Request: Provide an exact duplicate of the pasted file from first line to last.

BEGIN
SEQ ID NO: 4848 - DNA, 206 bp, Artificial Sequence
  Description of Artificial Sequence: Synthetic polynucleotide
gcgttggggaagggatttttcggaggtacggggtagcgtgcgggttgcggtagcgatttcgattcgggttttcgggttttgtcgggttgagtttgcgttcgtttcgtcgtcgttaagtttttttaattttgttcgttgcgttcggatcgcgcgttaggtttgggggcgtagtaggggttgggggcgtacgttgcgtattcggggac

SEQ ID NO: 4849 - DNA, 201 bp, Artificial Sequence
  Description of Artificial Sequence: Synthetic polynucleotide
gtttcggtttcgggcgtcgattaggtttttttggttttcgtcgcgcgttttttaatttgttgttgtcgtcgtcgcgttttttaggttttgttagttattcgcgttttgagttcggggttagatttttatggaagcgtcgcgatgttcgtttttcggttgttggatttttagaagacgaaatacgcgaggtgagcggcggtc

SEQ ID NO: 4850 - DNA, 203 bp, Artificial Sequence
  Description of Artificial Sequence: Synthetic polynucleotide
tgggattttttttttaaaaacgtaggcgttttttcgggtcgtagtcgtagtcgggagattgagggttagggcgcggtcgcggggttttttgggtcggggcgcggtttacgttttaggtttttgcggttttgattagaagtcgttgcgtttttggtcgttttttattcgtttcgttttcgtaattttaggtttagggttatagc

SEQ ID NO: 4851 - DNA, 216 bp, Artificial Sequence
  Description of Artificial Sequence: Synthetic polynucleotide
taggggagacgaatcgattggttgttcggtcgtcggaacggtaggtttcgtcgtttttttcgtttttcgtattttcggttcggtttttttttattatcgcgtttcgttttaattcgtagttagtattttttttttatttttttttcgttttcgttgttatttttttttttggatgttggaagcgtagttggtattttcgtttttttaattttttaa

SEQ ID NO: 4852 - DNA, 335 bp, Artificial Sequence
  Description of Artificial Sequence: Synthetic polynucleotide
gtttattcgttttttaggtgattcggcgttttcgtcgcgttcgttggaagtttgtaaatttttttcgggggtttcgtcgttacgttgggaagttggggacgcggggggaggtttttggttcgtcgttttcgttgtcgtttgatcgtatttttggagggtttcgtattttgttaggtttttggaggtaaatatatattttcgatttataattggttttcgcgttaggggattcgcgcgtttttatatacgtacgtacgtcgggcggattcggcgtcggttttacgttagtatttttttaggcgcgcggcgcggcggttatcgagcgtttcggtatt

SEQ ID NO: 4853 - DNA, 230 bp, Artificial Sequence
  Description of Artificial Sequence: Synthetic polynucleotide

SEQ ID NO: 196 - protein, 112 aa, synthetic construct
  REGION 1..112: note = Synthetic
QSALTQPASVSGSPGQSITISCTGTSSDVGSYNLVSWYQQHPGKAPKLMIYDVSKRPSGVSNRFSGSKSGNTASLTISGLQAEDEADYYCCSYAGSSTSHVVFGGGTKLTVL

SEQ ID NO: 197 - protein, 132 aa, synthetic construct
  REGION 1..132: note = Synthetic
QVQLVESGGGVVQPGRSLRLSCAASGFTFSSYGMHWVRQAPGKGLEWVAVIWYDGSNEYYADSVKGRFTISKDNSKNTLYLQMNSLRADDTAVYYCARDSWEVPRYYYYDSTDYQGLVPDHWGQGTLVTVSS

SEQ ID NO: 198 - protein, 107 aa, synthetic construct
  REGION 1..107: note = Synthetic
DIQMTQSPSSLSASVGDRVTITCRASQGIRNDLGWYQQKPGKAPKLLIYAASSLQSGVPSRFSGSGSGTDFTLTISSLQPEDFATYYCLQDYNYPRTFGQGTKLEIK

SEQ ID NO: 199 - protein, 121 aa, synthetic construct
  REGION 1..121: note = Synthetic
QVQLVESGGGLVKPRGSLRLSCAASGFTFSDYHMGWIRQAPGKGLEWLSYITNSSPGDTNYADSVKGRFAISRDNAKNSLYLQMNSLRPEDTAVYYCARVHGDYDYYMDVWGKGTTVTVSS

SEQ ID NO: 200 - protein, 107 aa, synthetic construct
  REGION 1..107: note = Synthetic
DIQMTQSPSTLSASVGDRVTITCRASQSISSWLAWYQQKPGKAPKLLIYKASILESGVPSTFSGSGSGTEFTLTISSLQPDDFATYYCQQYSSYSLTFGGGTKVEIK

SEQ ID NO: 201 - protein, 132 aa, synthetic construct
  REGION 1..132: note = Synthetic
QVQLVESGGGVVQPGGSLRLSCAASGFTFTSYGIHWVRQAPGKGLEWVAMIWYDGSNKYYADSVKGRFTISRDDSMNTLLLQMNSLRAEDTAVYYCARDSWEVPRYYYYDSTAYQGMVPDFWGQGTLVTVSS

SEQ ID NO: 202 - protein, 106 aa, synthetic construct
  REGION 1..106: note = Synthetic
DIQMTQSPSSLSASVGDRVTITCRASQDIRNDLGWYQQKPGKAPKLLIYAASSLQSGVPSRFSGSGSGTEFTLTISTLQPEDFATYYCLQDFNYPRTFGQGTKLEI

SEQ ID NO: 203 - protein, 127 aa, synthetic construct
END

SEQ ID NO: 4848 - DNA, 206 bp, Artificial Sequence
  Description of Artificial Sequence: Synthetic polynucleotide
gcgttggggaagggatttttcggaggtacggggtagcgtgcgggttgcggtagcgatttcgattcgggttttcgggttttgtcgggttgagtttgcgttcgtttcgtcgtcgttaagtttttttaattttgttcgttgcgttcggatcgcgcgttaggtttgggggcgtagtaggggttgggggcgtacgttgcgtattcggggac

SEQ ID NO: 4849 - DNA, 201 bp, Artificial Sequence
  Description of Artificial Sequence: Synthetic polynucleotide
gtttcggtttcgggcgtcgattaggtttttttggttttcgtcgcgcgttttttaatttgttgttgtcgtcgtcgcgttttttaggttttgttagttattcgcgttttgagttcggggttagatttttatggaagcgtcgcgatgttcgtttttcggttgttggatttttagaagacgaaatacgcgaggtgagcggcggtc

SEQ ID NO: 4850 - DNA, 203 bp, Artificial Sequence
  Description of Artificial Sequence: Synthetic polynucleotide
tgggattttttttttaaaaacgtaggcgttttttcgggtcgtagtcgtagtcgggagattgagggttagggcgcggtcgcggggttttttgggtcggggcgcggtttacgttttaggtttttgcggttttgattagaagtcgttgcgtttttggtcgttttttattcgtttcgttttcgtaattttaggtttagggttatagc

SEQ ID NO: 4851 - DNA, 216 bp, Artificial Sequence
  Description of Artificial Sequence: Synthetic polynucleotide
taggggagacgaatcgattggttgttcggtcgtcggaacggtaggtttcgtcgtttttttcgtttttcgtattttcggttcggtttttttttattatcgcgtttcgttttaattcgtagttagtattttttttttatttttttttcgttttcgttgttatttttttttttggatgttggaagcgtagttggtattttcgtttttttaattttttaa

SEQ ID NO: 4852 - DNA, 335 bp, Artificial Sequence
  Description of Artificial Sequence: Synthetic polynucleotide
gtttattcgttttttaggtgattcggcgttttcgtcgcgttcgttggaagtttgtaaatttttttcgggggtttcgtcgttacgttgggaagttggggacgcggggggaggtttttggttcgtcgttttcgttgtcgtttgatcgtatttttggagggtttcgtattttgttaggtttttggaggtaaatatatattttcgatttataattggttttcgcgttaggggattcgcgcgtttttatatacgtacgtacgtcgggcggattcggcgtcggttttacgttagtatttttttaggcgcgcggcgcggcggttatcgagcgtttcggtatt

SEQ ID NO: 4853 - DNA, 230 bp, Artificial Sequence
  Description of Artificial Sequence: Synthetic polynucleotide

SEQ ID NO: 196 - protein, 112 aa, synthetic construct
  REGION 1..112: note = Synthetic
QSALTQPASVSGSPGQSITISCTGTSSDVGSYNLVSWYQQHPGKAPKLMIYDVSKRPSGVSNRFSGSKSGNTASLTISGLQAEDEADYYCCSYAGSSTSHVVFGGGTKLTVL

SEQ ID NO: 197 - protein, 132 aa, synthetic construct
  REGION 1..132: note = Synthetic
QVQLVESGGGVVQPGRSLRLSCAASGFTFSSYGMHWVRQAPGKGLEWVAVIWYDGSNEYYADSVKGRFTISKDNSKNTLYLQMNSLRADDTAVYYCARDSWEVPRYYYYDSTDYQGLVPDHWGQGTLVTVSS

SEQ ID NO: 198 - protein, 107 aa, synthetic construct
  REGION 1..107: note = Synthetic
DIQMTQSPSSLSASVGDRVTITCRASQGIRNDLGWYQQKPGKAPKLLIYAASSLQSGVPSRFSGSGSGTDFTLTISSLQPEDFATYYCLQDYNYPRTFGQGTKLEIK

SEQ ID NO: 199 - protein, 121 aa, synthetic construct
  REGION 1..121: note = Synthetic
QVQLVESGGGLVKPRGSLRLSCAASGFTFSDYHMGWIRQAPGKGLEWLSYITNSSPGDTNYADSVKGRFAISRDNAKNSLYLQMNSLRPEDTAVYYCARVHGDYDYYMDVWGKGTTVTVSS

SEQ ID NO: 200 - protein, 107 aa, synthetic construct
  REGION 1..107: note = Synthetic
DIQMTQSPSTLSASVGDRVTITCRASQSISSWLAWYQQKPGKAPKLLIYKASILESGVPSTFSGSGSGTEFTLTISSLQPDDFATYYCQQYSSYSLTFGGGTKVEIK

SEQ ID NO: 201 - protein, 132 aa, synthetic construct
  REGION 1..132: note = Synthetic
QVQLVESGGGVVQPGGSLRLSCAASGFTFTSYGIHWVRQAPGKGLEWVAMIWYDGSNKYYADSVKGRFTISRDDSMNTLLLQMNSLRAEDTAVYYCARDSWEVPRYYYYDSTAYQGMVPDFWGQGTLVTVSS

SEQ ID NO: 202 - protein, 106 aa, synthetic construct
  REGION 1..106: note = Synthetic
DIQMTQSPSSLSASVGDRVTITCRASQDIRNDLGWYQQKPGKAPKLLIYAASSLQSGVPSRFSGSGSGTEFTLTISTLQPEDFATYYCLQDFNYPRTFGQGTKLEI

SEQ ID NO: 203 - protein, 127 aa, synthetic construct